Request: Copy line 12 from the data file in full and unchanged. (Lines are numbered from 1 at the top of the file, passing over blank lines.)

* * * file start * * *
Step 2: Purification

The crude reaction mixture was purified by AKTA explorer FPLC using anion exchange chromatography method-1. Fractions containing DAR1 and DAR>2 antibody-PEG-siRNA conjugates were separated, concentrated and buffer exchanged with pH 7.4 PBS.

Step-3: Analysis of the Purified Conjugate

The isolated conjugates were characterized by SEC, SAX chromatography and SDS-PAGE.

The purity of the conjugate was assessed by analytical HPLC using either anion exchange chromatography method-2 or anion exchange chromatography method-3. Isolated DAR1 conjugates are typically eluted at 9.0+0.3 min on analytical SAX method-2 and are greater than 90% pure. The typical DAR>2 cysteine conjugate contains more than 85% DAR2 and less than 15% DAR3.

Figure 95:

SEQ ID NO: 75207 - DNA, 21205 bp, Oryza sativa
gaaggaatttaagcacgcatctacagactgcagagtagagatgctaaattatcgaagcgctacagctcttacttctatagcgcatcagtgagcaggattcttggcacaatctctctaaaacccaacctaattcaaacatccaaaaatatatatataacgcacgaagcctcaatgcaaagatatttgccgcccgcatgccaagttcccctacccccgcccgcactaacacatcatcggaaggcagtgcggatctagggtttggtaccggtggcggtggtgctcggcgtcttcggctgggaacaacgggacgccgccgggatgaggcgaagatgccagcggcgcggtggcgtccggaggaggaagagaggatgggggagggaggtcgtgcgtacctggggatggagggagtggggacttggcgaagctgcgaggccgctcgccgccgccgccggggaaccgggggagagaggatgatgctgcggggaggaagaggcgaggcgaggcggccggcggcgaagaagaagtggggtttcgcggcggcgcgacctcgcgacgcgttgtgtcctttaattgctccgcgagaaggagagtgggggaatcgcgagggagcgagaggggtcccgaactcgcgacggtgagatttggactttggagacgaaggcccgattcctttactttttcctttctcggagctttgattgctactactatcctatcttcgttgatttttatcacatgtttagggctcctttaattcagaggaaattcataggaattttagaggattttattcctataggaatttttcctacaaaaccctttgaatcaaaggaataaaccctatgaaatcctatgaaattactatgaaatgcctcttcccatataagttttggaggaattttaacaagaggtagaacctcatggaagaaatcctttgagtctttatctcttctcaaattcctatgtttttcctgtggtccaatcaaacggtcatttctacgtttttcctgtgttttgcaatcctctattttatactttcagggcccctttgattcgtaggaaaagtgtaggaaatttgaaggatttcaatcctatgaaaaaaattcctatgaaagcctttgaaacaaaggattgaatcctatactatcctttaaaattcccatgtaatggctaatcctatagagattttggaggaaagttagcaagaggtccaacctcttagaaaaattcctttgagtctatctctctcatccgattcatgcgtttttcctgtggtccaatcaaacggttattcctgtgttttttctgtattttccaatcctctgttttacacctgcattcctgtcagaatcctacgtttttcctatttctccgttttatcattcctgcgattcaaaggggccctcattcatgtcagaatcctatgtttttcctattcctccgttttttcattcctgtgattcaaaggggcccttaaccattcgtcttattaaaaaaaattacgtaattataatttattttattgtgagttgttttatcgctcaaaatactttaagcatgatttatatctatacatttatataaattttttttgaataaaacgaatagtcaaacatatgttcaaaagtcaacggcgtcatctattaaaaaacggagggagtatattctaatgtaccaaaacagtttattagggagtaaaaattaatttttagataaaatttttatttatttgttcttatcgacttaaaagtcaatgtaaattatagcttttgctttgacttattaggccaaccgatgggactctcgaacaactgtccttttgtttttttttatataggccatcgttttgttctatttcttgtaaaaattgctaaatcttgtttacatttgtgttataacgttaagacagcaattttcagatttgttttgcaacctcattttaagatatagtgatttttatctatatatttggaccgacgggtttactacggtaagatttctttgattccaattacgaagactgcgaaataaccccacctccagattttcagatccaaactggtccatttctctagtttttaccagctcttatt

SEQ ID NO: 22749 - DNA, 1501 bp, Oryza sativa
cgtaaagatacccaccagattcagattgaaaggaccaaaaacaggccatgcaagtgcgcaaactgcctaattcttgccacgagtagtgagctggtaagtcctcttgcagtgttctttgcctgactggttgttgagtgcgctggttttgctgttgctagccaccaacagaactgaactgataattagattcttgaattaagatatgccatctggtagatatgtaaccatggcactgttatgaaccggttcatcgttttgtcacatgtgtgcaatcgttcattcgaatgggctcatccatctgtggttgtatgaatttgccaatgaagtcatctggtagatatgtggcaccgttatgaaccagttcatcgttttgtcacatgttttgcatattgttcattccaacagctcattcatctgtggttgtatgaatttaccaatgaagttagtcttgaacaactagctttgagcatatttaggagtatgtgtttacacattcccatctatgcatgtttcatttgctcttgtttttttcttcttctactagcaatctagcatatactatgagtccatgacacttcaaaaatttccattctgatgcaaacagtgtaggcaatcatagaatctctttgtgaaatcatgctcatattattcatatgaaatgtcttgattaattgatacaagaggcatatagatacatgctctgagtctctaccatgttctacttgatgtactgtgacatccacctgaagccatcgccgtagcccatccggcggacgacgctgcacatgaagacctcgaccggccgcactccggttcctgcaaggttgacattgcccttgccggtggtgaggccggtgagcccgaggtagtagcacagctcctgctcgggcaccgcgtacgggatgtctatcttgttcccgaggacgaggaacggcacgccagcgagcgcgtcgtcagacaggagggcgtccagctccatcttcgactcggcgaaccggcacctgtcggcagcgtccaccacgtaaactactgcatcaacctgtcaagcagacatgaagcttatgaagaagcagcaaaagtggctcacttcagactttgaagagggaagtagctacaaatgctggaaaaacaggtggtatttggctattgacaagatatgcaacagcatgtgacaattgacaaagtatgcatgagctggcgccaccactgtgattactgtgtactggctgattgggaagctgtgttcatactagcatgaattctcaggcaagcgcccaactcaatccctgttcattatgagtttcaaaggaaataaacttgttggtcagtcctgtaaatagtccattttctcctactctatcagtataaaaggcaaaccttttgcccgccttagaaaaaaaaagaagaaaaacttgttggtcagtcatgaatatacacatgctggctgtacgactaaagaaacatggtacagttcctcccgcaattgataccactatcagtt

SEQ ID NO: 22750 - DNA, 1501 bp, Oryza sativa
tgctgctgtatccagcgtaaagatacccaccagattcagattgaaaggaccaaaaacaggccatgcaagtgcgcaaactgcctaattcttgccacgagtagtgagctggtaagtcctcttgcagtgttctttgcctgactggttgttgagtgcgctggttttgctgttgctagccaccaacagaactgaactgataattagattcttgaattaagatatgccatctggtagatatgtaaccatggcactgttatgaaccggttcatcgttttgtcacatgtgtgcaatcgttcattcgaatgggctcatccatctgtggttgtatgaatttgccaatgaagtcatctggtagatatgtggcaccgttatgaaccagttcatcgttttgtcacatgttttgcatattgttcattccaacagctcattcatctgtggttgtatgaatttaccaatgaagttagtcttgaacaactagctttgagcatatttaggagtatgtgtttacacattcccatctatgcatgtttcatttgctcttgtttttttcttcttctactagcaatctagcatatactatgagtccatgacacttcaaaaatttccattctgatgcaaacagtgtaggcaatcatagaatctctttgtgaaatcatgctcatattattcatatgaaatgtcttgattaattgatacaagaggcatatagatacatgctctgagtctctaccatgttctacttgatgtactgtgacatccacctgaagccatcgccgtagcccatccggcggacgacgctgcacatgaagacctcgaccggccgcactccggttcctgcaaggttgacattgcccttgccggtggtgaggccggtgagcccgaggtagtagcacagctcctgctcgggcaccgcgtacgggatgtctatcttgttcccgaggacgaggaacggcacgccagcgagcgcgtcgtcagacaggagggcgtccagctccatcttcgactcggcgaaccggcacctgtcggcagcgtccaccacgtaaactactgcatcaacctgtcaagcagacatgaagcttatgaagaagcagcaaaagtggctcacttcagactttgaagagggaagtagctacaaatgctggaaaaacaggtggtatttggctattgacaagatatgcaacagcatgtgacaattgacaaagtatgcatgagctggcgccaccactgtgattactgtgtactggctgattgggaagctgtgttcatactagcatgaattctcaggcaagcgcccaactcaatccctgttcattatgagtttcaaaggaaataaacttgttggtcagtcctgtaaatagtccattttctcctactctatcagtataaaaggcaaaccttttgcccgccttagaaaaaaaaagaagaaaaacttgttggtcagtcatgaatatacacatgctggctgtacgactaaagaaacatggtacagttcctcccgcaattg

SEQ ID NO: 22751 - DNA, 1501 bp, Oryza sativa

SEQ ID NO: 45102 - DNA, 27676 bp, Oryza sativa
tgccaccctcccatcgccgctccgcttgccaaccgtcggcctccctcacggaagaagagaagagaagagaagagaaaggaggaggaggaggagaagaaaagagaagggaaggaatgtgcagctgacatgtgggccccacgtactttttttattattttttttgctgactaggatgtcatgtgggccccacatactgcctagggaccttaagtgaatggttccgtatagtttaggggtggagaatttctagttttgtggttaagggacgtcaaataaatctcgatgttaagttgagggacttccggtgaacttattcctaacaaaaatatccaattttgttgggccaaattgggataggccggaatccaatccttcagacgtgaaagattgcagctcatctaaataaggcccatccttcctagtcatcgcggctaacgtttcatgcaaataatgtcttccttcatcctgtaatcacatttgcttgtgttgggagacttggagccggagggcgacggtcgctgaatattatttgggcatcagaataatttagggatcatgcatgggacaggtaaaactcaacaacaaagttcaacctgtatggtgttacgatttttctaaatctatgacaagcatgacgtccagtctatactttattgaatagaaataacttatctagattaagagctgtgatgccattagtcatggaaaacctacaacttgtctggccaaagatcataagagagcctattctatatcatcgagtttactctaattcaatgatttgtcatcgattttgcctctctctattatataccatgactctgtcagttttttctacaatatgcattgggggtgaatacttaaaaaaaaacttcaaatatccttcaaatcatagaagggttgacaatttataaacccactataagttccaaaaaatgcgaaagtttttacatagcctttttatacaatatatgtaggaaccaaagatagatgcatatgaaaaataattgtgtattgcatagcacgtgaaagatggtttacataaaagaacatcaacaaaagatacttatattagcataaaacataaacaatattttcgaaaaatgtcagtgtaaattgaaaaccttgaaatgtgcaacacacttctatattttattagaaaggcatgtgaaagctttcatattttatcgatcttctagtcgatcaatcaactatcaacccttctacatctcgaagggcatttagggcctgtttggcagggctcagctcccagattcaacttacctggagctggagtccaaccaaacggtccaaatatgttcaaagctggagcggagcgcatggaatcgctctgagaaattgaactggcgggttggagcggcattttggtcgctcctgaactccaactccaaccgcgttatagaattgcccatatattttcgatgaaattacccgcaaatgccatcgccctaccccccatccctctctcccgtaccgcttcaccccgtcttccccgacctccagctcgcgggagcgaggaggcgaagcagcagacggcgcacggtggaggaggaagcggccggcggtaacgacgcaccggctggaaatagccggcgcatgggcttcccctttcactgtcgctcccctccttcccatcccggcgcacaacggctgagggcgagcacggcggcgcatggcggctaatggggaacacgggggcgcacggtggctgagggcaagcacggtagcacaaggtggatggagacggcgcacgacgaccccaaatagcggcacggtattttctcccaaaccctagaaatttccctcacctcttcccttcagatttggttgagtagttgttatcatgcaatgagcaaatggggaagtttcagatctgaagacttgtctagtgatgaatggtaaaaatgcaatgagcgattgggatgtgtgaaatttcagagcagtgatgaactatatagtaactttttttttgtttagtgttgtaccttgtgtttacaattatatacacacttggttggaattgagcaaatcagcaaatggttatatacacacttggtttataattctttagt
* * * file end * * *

tgctgctgtatccagcgtaaagatacccaccagattcagattgaaaggaccaaaaacaggccatgcaagtgcgcaaactgcctaattcttgccacgagtagtgagctggtaagtcctcttgcagtgttctttgcctgactggttgttgagtgcgctggttttgctgttgctagccaccaacagaactgaactgataattagattcttgaattaagatatgccatctggtagatatgtaaccatggcactgttatgaaccggttcatcgttttgtcacatgtgtgcaatcgttcattcgaatgggctcatccatctgtggttgtatgaatttgccaatgaagtcatctggtagatatgtggcaccgttatgaaccagttcatcgttttgtcacatgttttgcatattgttcattccaacagctcattcatctgtggttgtatgaatttaccaatgaagttagtcttgaacaactagctttgagcatatttaggagtatgtgtttacacattcccatctatgcatgtttcatttgctcttgtttttttcttcttctactagcaatctagcatatactatgagtccatgacacttcaaaaatttccattctgatgcaaacagtgtaggcaatcatagaatctctttgtgaaatcatgctcatattattcatatgaaatgtcttgattaattgatacaagaggcatatagatacatgctctgagtctctaccatgttctacttgatgtactgtgacatccacctgaagccatcgccgtagcccatccggcggacgacgctgcacatgaagacctcgaccggccgcactccggttcctgcaaggttgacattgcccttgccggtggtgaggccggtgagcccgaggtagtagcacagctcctgctcgggcaccgcgtacgggatgtctatcttgttcccgaggacgaggaacggcacgccagcgagcgcgtcgtcagacaggagggcgtccagctccatcttcgactcggcgaaccggcacctgtcggcagcgtccaccacgtaaactactgcatcaacctgtcaagcagacatgaagcttatgaagaagcagcaaaagtggctcacttcagactttgaagagggaagtagctacaaatgctggaaaaacaggtggtatttggctattgacaagatatgcaacagcatgtgacaattgacaaagtatgcatgagctggcgccaccactgtgattactgtgtactggctgattgggaagctgtgttcatactagcatgaattctcaggcaagcgcccaactcaatccctgttcattatgagtttcaaaggaaataaacttgttggtcagtcctgtaaatagtccattttctcctactctatcagtataaaaggcaaaccttttgcccgccttagaaaaaaaaagaagaaaaacttgttggtcagtcatgaatatacacatgctggctgtacgactaaagaaacatggtacagttcctcccgcaattg